In this paper, we study how to continually pre-train language models for improving the understanding of math problems. Specifically, we focus on solving a fundamental challenge in modeling math problems, how to fuse the semantics of textual description and formulas, which are highly different in essence. To address this issue, we propose a new approach called COMUS to continually pre-train language models for math problem understanding with syntax-aware memory network. In this approach, we first construct the math syntax graph to model the structural semantic information, by combining the parsing trees of the text and formulas, and then design the syntax-aware memory networks to deeply fuse the features from the graph and text. With the help of syntax relations, we can model the interaction between the token from the text and its semantic-related nodes within the formulas, which is helpful to capture fine-grained semantic correlations between texts and formulas. Besides, we devise three continual pre-training tasks to further align and fuse the representations of the text and math syntax graph. Experimental results on four tasks in the math domain demonstrate the effectiveness of our approach. Our code and data are publicly available at the link: bluehttps://github.com/RUCAIBox/COMUS.
Multilingual pre-trained models have achieved remarkable performance on cross-lingual transfer learning. Some multilingual models such as mBERT, have been pre-trained on unlabeled corpora, therefore the embeddings of different languages in the models may not be aligned very well. In this paper, we aim to improve the zero-shot cross-lingual transfer performance by proposing a pre-training task named Word-Exchange Aligning Model (WEAM), which uses the statistical alignment information as the prior knowledge to guide cross-lingual word prediction. We evaluate our model on multilingual machine reading comprehension task MLQA and natural language interface task XNLI. The results show that WEAM can significantly improve the zero-shot performance.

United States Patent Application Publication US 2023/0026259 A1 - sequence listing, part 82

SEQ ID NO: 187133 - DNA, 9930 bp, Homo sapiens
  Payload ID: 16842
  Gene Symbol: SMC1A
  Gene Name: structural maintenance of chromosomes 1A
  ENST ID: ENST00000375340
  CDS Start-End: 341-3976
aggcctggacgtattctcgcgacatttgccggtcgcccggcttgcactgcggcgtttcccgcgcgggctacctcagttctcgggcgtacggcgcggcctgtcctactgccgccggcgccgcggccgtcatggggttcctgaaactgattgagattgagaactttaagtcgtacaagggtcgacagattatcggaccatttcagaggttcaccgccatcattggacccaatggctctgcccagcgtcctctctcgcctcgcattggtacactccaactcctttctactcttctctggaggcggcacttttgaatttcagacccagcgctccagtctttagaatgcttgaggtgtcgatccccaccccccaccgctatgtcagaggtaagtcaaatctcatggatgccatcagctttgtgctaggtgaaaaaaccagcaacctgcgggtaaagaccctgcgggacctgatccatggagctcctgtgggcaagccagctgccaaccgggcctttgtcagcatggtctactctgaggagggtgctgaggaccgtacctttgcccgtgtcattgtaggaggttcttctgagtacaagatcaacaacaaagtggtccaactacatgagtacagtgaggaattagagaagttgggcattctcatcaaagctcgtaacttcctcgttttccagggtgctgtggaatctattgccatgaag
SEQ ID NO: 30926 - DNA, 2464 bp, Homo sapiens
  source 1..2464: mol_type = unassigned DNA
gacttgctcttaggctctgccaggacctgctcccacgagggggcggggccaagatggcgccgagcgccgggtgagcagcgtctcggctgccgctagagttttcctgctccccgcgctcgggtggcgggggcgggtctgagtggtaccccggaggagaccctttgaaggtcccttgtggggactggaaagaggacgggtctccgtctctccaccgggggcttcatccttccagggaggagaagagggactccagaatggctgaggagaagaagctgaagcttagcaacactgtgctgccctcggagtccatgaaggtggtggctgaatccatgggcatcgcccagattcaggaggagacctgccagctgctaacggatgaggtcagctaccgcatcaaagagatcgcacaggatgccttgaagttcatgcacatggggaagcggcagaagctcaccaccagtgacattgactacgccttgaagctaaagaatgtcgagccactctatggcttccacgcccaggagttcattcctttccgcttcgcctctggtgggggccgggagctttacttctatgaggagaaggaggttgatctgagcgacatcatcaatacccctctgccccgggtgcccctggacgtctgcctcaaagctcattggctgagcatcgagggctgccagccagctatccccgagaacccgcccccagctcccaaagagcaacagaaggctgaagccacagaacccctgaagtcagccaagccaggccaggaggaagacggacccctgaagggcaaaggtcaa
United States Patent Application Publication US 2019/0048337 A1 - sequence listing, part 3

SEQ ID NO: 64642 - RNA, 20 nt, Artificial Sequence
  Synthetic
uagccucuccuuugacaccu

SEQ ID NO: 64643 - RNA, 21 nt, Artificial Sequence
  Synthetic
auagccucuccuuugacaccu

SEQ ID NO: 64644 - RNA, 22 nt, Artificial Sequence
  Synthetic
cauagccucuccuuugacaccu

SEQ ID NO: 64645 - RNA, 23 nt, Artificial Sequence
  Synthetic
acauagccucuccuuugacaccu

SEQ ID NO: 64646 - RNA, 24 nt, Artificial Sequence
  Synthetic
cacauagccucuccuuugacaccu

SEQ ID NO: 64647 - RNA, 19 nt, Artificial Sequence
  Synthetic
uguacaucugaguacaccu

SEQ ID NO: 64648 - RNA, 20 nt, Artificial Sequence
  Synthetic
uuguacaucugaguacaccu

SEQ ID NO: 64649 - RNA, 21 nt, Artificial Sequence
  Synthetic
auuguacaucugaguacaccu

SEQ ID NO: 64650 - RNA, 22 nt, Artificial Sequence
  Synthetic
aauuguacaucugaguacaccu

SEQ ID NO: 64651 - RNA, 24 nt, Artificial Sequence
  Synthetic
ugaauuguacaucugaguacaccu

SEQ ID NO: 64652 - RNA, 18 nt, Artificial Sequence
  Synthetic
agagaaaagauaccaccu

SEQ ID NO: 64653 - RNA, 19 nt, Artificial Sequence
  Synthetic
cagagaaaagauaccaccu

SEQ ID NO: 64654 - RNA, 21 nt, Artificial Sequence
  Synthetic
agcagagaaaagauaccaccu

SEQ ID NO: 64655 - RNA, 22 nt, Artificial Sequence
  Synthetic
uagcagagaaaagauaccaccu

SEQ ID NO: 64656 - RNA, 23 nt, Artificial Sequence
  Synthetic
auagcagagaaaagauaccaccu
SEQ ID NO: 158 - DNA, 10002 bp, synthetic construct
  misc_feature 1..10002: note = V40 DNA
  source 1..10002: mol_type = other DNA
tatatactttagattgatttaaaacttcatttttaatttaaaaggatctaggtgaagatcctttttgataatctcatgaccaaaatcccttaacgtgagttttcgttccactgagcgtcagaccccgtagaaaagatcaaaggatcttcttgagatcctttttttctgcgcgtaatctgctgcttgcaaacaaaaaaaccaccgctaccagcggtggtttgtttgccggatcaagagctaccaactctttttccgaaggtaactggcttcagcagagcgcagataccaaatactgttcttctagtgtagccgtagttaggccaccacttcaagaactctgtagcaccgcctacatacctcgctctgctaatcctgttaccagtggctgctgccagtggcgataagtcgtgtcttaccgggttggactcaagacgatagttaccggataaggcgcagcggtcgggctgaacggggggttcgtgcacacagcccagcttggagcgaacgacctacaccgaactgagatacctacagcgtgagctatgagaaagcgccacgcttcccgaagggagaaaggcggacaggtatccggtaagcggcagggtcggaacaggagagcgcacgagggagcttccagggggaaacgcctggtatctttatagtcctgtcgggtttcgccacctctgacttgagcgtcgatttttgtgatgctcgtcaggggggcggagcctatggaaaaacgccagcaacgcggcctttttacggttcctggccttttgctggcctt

Automated Essay Assessment (AEA) aims to judge students’ writing proficiency in an automatic way. This paper presents a Chinese AEA system IFlyEssayAssess (IFlyEA), targeting on evaluating essays written by native Chinese students from primary and junior schools. IFlyEA provides multi-level and multi-dimension analytical modules for essay assessment. It has state-of-the-art grammar level analysis techniques, and also integrates components for rhetoric and discourse level analysis, which are important for evaluating native speakers’ writing ability, but still challenging and less studied in previous work. Based on the comprehensive analysis, IFlyEA provides application services for essay scoring, review generation, recommendation, and explainable analytical visualization. These services can benefit both teachers and students during the process of writing teaching and learning.
Adversarial training (AT) as a regularization method has proved its effectiveness on various tasks. Though there are successful applications of AT on some NLP tasks, the distinguishing characteristics of NLP tasks have not been exploited. In this paper, we aim to apply AT on machine reading comprehension (MRC) tasks. Furthermore, we adapt AT for MRC tasks by proposing a novel adversarial training method called PQAT that perturbs the embedding matrix instead of word vectors. To differentiate the roles of passages and questions, PQAT uses additional virtual P/Q-embedding matrices to gather the global perturbations of words from passages and questions separately. We test the method on a wide range of MRC tasks, including span-based extractive RC and multiple-choice RC. The results show that adversarial training is effective universally, and PQAT further improves the performance.